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Music Teacher magazine is the essential meeting point and resource for music education practitioners.

Whether you teach class music, or are a peripatetic/private instrumental teacher, Music Teacher will provide you with invaluable ideas for your teaching, with substantial online lesson materials and a range of practical features. Packed with reviews, news, comment and debate, as well as the latest jobs, professional development opportunities and fantastic special offers, Music Teacher is all you need to teach music.



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Editorial

When Nicky Morgan was appointed as education secretary, I posted on the MT twitter feed about the fact that she voted against the introduction of same-sex marriage, asking whether this had any relevance to her new position. This upset several music teachers, who told me in no uncertain terms that this was an inappropriate use of the magazine’s Twitter account. I disagreed, and remain confident that this part of her voting record remains newsworthy for several reasons, but at the same time, I do remember hoping that she would get on and say something about music.

It didn’t take long. Speaking last month at the launch of a campaign to increase the take-up of STEM (Science, technology, engineering and math) subjects, she said, in no uncertain terms, that these had replaced ‘the arts and humanities’ as the subjects that allowed you to ‘keep your options open and unlock doors’. Of the many responses this garnered, that from organist and conductor Jon Payne – a letter shared on Facebook via a DropBox link – seemed to sum up the feelings of the arts community across the country, and it quickly went viral. It appeared on my personal facebook feed more than a dozen times, having been shared by musos, non-musos and a number of teachers of STEM subjects too, indicating that Morgan’s decision to play to her crowd may have backfired. We invited Payne to give some context to his now-famous response, and his fascinating story can be found on page 14.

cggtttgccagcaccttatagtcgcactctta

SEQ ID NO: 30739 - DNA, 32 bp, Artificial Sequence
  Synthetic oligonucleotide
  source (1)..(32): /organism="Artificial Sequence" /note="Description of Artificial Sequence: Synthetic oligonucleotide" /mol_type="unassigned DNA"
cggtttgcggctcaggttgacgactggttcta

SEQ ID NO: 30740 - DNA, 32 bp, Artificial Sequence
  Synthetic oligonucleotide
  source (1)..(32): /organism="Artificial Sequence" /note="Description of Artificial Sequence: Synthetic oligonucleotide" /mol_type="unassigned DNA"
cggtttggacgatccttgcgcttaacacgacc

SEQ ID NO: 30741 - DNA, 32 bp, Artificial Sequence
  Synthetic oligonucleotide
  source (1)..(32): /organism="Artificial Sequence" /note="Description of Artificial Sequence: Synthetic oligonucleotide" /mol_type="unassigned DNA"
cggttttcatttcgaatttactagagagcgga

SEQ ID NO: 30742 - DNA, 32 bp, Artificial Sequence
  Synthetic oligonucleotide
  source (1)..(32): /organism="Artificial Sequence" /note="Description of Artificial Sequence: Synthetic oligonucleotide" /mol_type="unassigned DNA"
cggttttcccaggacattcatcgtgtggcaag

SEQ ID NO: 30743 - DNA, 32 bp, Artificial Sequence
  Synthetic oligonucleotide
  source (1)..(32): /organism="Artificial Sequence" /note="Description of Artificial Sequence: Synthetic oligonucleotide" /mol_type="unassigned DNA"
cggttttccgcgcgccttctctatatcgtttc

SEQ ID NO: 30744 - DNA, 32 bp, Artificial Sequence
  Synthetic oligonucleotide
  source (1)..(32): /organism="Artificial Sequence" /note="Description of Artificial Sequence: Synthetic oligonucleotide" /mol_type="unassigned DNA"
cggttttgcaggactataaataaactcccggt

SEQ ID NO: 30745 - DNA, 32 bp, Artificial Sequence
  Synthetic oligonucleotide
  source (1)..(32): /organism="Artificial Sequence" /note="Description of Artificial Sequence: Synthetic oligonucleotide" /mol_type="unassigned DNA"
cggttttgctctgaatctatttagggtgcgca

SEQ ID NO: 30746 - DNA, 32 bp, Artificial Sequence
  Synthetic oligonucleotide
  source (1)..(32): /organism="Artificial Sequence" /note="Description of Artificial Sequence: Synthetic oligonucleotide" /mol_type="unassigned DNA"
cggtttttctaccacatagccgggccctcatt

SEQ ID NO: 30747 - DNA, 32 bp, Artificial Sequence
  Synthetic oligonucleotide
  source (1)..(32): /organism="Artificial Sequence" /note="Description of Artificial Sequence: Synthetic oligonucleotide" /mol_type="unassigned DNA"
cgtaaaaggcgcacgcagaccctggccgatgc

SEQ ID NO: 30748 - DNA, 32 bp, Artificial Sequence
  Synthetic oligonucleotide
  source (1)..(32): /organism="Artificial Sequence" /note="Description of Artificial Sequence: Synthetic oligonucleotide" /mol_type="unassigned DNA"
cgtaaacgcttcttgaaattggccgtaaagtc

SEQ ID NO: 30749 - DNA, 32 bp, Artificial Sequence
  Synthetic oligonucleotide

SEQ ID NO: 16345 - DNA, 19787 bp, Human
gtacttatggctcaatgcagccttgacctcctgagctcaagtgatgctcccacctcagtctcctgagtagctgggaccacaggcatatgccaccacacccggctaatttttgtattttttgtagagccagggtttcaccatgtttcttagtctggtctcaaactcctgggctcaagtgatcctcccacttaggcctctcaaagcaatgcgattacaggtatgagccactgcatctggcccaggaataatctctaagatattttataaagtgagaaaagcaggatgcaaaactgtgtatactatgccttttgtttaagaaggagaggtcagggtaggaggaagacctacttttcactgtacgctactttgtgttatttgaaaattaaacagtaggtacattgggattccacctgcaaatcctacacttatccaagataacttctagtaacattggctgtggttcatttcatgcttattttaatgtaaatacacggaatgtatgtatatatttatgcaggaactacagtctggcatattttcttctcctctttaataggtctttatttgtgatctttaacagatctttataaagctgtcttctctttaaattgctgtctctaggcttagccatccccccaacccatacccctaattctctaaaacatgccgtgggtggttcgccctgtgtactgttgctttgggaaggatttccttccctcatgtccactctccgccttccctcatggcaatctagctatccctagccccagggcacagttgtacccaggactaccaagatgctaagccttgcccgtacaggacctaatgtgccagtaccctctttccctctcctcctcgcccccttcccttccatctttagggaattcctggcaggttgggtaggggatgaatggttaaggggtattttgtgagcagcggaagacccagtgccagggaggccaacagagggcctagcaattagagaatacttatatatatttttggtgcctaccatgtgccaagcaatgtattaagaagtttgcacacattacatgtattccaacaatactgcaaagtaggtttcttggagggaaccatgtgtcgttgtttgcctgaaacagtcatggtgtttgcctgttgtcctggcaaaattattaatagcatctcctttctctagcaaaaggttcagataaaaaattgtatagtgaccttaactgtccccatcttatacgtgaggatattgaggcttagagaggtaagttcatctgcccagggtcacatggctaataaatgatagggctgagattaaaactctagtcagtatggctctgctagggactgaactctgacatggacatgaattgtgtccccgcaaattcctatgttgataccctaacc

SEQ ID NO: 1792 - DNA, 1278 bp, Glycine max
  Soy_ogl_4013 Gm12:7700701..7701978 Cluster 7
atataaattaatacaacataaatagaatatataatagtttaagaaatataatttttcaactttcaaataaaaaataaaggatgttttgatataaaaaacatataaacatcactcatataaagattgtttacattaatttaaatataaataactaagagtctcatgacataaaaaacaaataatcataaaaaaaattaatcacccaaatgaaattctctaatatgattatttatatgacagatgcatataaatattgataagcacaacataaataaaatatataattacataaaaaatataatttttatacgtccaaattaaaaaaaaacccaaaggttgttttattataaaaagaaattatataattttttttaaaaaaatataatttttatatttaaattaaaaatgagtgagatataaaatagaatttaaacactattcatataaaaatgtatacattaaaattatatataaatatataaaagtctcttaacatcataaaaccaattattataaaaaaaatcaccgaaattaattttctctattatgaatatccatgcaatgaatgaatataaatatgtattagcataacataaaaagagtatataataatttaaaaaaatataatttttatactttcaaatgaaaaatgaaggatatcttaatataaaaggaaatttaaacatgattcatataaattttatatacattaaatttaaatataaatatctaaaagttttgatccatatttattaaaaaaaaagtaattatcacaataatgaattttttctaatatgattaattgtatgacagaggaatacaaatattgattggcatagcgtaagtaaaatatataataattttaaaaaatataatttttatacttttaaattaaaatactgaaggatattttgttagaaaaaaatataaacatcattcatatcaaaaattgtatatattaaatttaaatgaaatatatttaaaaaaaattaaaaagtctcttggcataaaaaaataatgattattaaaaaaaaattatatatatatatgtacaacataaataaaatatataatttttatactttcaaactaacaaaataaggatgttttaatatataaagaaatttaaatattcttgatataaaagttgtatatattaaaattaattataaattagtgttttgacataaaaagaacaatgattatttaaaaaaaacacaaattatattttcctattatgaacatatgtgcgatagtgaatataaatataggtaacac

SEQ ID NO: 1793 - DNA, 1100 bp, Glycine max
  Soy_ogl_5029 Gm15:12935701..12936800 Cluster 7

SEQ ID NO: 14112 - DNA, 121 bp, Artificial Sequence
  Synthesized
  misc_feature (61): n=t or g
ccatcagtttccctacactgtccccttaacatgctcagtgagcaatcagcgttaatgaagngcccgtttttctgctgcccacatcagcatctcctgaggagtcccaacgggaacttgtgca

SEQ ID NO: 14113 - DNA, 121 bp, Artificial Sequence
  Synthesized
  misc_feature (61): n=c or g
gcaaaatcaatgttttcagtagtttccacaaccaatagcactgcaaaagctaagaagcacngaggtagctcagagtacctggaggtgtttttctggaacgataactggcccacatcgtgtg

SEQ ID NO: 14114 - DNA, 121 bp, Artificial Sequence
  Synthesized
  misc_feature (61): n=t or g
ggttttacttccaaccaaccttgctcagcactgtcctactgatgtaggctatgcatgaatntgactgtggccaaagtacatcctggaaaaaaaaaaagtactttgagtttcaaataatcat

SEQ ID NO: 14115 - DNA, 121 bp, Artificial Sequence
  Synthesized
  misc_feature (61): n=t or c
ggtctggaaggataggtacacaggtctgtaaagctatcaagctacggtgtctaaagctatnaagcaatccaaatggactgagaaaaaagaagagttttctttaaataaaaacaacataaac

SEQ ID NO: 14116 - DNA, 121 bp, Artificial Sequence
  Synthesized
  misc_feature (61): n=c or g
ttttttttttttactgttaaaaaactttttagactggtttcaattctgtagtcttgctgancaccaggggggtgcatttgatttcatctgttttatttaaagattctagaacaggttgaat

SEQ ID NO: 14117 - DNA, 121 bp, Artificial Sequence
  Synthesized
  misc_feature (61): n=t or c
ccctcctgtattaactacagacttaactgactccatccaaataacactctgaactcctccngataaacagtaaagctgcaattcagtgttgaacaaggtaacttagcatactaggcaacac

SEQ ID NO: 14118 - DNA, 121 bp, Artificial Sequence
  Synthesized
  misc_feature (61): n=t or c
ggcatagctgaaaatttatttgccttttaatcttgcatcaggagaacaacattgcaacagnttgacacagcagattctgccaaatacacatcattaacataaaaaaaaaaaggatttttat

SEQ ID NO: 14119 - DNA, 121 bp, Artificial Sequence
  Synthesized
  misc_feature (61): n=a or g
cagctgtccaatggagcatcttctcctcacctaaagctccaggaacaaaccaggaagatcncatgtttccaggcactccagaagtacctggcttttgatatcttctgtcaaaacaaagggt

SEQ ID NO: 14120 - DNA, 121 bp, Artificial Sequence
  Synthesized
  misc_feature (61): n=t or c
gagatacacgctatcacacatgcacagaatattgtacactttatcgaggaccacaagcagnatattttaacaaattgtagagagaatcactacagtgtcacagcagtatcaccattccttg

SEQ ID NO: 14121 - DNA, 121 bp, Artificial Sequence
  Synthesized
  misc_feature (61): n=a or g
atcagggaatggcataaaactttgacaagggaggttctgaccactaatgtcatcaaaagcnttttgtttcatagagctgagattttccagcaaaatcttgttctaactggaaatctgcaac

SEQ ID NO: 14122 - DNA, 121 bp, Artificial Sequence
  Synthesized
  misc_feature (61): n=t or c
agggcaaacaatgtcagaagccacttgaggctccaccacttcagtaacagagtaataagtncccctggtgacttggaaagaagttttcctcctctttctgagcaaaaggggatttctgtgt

On the subject of playing to the crowd, does anyone know what the collective noun for schools ministers is? We have both Nick Gibb and his shadow counterpart Kevin Brennan attending the first day of the Music Education Expo, which gives us a golden opportunity to get some straight answers from both sides of the bench just as the 2015 general election campaign heats up. The Expo programme is now online, and so too are the finalists for the Music Teacher Awards for Excellence 2015. If you haven’t yet signed up or voted online for the Best Classical Music Education Initiative award, you know what to do!

In The Next Issue of Music Teacher: January 2015

Global Education

  • International Competitions: opportunities for your group
  • How to Teach World Music
  • Teaching in Malaysia
  • Day in the Life of a Music Tour Guide

PLUS

  • Diary Apps: which ones count?
  • Happy 80th Birthday to the Junior Royal Academy
  • Across the Great Divide: Can we get Academics and Teachers Talking?

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